Last month, the Louisiana State Legislature approved a pair of bills, SB 79 and SB 80, that are designed to address the city’s affordable housing crisis. The passage of these bills, under the leadership of Senator Troy Carter, is a big win for fair housing. But because changes to tax policy in Louisiana require a constitutional amendment, it still needs voter approval via state ballot in October.
A lack of affordable housing continues to plague New Orleans, as a large number of workers – especially those in the tourism and hospitality industries – are overburdened by their housing costs. Recent research highlights a mismatch between wages earned and costs of owning or renting a home, where growth in costs far outpaces growth in wages. On average, those who make 75% less than the city’s median income pay only 25% less than median housing-related expenditures. Among other causes, the rise of Airbnb as alternative tourist lodging has accelerated the general trend of rising rents, most severely in neighborhoods adjacent to the French Quarter like Tremé, Central City, and the 7th Ward. These historically Black renter neighborhoods are rapidly gentrifying to the point that low-income workers who have resided there for generations can no longer afford their homes. These residents are often the same people who create and maintain the tourism industry that attracts visitors from around the world. Affordable housing would preserve not just individuals’ livelihoods, but also the culture of New Orleans.
The citywide tax assessment that will be complete by the end of this year exacerbates concerns about rising home prices. The continuing spike in home prices since the last assessment in 2015 will mean increased tax assessments. Accordingly, residents in the most quickly-gentrifying neighborhoods have expressed fears that with higher tax bills, they’ll have no choice but to cut spending in other areas of life or will be pressed to sell their home entirely. The impact of new tax assessments, however, is still unclear and will depend largely on the approval of pending measures like tax-relief for long-time low-income homeowners.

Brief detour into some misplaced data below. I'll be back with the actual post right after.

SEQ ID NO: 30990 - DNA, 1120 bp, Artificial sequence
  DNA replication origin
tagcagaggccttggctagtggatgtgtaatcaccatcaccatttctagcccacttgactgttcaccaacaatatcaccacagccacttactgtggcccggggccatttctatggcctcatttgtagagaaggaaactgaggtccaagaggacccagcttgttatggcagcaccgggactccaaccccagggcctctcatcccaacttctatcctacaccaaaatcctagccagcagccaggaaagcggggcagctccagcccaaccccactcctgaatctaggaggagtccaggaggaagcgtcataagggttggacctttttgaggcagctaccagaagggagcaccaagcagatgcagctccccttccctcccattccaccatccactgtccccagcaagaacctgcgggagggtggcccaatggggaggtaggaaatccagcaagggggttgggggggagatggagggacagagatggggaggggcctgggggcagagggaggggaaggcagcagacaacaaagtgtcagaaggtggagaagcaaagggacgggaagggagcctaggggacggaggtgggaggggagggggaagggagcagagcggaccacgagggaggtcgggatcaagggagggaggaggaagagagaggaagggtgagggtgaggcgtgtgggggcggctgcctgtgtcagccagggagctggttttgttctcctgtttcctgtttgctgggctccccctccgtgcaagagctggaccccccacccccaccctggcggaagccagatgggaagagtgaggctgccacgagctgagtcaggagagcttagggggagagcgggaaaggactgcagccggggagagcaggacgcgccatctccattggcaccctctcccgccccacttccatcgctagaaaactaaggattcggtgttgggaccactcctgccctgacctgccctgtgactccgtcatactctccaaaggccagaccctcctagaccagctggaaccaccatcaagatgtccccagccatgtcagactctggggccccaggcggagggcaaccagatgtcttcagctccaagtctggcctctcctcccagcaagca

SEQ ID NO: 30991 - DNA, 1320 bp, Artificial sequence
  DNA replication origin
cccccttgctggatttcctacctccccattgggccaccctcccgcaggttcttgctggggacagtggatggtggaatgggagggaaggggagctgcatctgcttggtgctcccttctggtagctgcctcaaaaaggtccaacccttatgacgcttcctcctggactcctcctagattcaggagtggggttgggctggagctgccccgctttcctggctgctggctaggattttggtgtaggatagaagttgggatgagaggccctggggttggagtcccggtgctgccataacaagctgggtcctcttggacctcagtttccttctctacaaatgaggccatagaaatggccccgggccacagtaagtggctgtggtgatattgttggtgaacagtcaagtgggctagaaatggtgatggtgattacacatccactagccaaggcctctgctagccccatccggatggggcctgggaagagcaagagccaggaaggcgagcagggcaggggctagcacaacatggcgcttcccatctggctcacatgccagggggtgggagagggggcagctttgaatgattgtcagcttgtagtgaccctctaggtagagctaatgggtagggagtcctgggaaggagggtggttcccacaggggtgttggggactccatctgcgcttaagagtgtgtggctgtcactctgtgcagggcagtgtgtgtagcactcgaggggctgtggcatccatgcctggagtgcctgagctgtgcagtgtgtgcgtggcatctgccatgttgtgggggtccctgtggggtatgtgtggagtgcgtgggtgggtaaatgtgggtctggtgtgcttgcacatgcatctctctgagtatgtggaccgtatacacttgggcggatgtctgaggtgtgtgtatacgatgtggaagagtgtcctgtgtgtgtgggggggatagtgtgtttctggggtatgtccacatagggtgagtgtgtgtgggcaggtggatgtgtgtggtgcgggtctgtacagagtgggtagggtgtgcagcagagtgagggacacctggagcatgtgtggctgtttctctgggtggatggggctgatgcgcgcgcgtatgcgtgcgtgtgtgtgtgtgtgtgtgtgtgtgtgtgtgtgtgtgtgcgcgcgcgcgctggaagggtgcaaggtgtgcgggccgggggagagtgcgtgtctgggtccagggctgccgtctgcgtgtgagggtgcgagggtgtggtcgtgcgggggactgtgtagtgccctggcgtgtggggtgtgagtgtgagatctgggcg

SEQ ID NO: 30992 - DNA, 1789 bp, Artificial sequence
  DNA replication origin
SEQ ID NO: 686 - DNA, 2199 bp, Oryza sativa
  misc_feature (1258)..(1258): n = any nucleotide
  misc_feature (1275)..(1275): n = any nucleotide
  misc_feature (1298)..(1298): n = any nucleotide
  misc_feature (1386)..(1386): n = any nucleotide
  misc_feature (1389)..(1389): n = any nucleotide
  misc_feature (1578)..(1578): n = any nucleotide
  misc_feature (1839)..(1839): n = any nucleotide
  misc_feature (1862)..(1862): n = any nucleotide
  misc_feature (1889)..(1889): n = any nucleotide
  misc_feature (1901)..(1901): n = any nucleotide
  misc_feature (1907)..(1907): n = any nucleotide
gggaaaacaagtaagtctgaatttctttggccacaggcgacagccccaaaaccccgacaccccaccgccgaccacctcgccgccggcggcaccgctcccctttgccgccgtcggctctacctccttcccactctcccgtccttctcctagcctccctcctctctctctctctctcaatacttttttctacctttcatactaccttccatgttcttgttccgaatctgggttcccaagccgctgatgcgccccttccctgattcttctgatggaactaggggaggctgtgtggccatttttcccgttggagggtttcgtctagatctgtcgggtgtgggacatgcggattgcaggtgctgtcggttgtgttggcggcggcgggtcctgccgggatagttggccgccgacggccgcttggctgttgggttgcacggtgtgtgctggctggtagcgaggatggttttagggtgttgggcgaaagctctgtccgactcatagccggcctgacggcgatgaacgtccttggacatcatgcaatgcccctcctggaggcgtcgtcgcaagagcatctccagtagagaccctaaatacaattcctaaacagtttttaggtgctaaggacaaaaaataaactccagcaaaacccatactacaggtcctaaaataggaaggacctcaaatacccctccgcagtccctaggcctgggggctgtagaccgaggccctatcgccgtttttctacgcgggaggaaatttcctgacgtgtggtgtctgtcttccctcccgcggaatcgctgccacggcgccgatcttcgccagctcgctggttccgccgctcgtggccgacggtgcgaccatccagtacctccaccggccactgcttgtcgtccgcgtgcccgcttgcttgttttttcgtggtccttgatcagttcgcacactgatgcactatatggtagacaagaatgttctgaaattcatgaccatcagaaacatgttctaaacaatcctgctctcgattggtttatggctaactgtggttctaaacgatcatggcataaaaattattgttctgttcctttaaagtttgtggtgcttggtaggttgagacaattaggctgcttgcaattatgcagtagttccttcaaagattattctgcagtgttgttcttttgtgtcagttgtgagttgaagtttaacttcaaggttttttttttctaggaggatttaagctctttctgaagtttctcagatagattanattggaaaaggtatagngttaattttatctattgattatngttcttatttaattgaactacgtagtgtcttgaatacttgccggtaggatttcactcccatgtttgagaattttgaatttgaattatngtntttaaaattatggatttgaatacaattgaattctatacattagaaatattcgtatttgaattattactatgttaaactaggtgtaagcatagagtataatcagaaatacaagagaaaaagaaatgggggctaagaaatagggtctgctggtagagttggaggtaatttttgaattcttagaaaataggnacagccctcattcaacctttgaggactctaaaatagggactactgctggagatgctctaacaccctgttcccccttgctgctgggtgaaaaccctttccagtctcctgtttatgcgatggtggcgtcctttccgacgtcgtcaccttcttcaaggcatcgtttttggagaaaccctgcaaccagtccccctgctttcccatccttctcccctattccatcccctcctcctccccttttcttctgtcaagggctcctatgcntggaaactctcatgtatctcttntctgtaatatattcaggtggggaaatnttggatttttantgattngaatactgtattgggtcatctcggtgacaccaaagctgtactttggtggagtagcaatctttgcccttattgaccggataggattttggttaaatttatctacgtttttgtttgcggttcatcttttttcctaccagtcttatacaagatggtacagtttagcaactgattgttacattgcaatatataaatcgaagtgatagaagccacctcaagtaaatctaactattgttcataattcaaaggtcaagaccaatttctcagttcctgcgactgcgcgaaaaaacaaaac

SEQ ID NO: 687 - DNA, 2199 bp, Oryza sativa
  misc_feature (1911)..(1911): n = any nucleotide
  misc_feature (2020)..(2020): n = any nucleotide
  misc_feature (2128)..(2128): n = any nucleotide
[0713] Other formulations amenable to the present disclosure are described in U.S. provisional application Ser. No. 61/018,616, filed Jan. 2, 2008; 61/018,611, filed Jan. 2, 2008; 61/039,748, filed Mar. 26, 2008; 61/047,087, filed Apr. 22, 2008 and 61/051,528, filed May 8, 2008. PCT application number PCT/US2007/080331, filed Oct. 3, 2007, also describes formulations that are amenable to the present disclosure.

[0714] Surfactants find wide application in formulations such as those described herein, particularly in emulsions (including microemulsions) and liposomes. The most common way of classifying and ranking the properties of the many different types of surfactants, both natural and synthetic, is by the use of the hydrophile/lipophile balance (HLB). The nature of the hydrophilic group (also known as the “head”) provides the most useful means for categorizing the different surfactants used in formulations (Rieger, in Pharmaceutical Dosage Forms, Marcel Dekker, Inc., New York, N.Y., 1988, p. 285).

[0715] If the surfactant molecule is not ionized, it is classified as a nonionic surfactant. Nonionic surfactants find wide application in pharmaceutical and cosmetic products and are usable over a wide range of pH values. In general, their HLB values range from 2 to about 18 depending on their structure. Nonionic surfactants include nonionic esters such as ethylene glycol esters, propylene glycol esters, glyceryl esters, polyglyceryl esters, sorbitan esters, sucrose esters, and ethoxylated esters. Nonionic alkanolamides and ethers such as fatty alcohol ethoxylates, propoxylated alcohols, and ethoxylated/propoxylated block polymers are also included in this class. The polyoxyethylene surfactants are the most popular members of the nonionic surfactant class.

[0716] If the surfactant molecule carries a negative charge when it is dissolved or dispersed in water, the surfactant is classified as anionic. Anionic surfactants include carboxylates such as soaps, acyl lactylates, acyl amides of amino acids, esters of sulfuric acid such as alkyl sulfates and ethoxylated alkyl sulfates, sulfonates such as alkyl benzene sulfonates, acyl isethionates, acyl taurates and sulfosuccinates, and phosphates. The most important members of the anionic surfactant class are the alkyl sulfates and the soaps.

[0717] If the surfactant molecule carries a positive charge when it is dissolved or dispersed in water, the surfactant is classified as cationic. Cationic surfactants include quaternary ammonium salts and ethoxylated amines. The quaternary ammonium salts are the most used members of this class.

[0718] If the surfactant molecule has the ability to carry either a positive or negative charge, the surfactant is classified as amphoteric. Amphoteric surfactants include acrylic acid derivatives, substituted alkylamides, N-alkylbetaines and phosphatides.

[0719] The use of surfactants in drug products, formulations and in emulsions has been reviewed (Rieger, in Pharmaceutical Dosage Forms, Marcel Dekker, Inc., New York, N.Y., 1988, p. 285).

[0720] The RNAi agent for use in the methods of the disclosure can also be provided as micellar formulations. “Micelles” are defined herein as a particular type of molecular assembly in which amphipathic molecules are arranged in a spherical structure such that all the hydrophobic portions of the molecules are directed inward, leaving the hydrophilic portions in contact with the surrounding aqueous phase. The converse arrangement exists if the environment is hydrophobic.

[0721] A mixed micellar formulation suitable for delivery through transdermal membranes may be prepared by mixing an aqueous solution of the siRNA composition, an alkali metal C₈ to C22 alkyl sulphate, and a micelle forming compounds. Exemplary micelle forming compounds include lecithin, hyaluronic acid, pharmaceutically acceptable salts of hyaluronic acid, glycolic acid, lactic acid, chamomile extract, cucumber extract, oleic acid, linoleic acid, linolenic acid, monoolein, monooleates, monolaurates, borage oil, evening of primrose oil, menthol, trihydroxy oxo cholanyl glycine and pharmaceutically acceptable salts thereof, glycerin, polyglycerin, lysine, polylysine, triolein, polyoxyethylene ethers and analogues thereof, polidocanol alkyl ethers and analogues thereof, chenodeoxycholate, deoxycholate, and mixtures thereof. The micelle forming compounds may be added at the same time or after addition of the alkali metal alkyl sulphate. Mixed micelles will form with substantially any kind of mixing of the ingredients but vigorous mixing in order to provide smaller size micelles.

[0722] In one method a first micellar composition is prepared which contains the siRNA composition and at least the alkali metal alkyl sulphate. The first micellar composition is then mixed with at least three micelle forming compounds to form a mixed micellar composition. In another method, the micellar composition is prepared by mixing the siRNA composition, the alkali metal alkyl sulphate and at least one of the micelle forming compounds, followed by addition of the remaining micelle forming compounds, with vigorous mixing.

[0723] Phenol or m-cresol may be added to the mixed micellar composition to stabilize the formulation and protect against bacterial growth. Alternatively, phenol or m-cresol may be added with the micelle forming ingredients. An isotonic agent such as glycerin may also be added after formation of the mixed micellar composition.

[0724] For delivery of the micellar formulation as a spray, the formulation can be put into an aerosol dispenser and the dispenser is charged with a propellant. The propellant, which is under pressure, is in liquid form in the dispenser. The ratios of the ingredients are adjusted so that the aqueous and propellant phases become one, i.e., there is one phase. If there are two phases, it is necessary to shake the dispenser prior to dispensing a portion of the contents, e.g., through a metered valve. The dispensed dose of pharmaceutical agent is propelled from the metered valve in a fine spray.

If approved by voters this Fall, these bills will become an amendment to the state constitution that will allow New Orleans to freeze or reduce property taxes for low-income homeowners and small-scale landlords who want to keep or create affordable units. Ultimately, this is an efficient route to increasing affordable housing stock in a unique fashion that helps both renters and homeowners without the complications of reliance on federal funding through the Department of Housing and Urban Development (HUD) or Low Income Housing Tax Credits (LIHTC). It is clear that unique approaches are needed: a call for at least 1,500 more affordable units in New Orleans last year was answered with just 84 units built.
Both fair housing advocates and government officials agree that this is a practical way to address the city’s affordable housing crisis. It presents an opportunity for long-term residents to build and maintain wealth in historically neglected neighborhoods that are at risk of gentrification-driven displacement. Most importantly, tax relief is a measure that directly benefits suffering residents who need support to continue to afford their homes.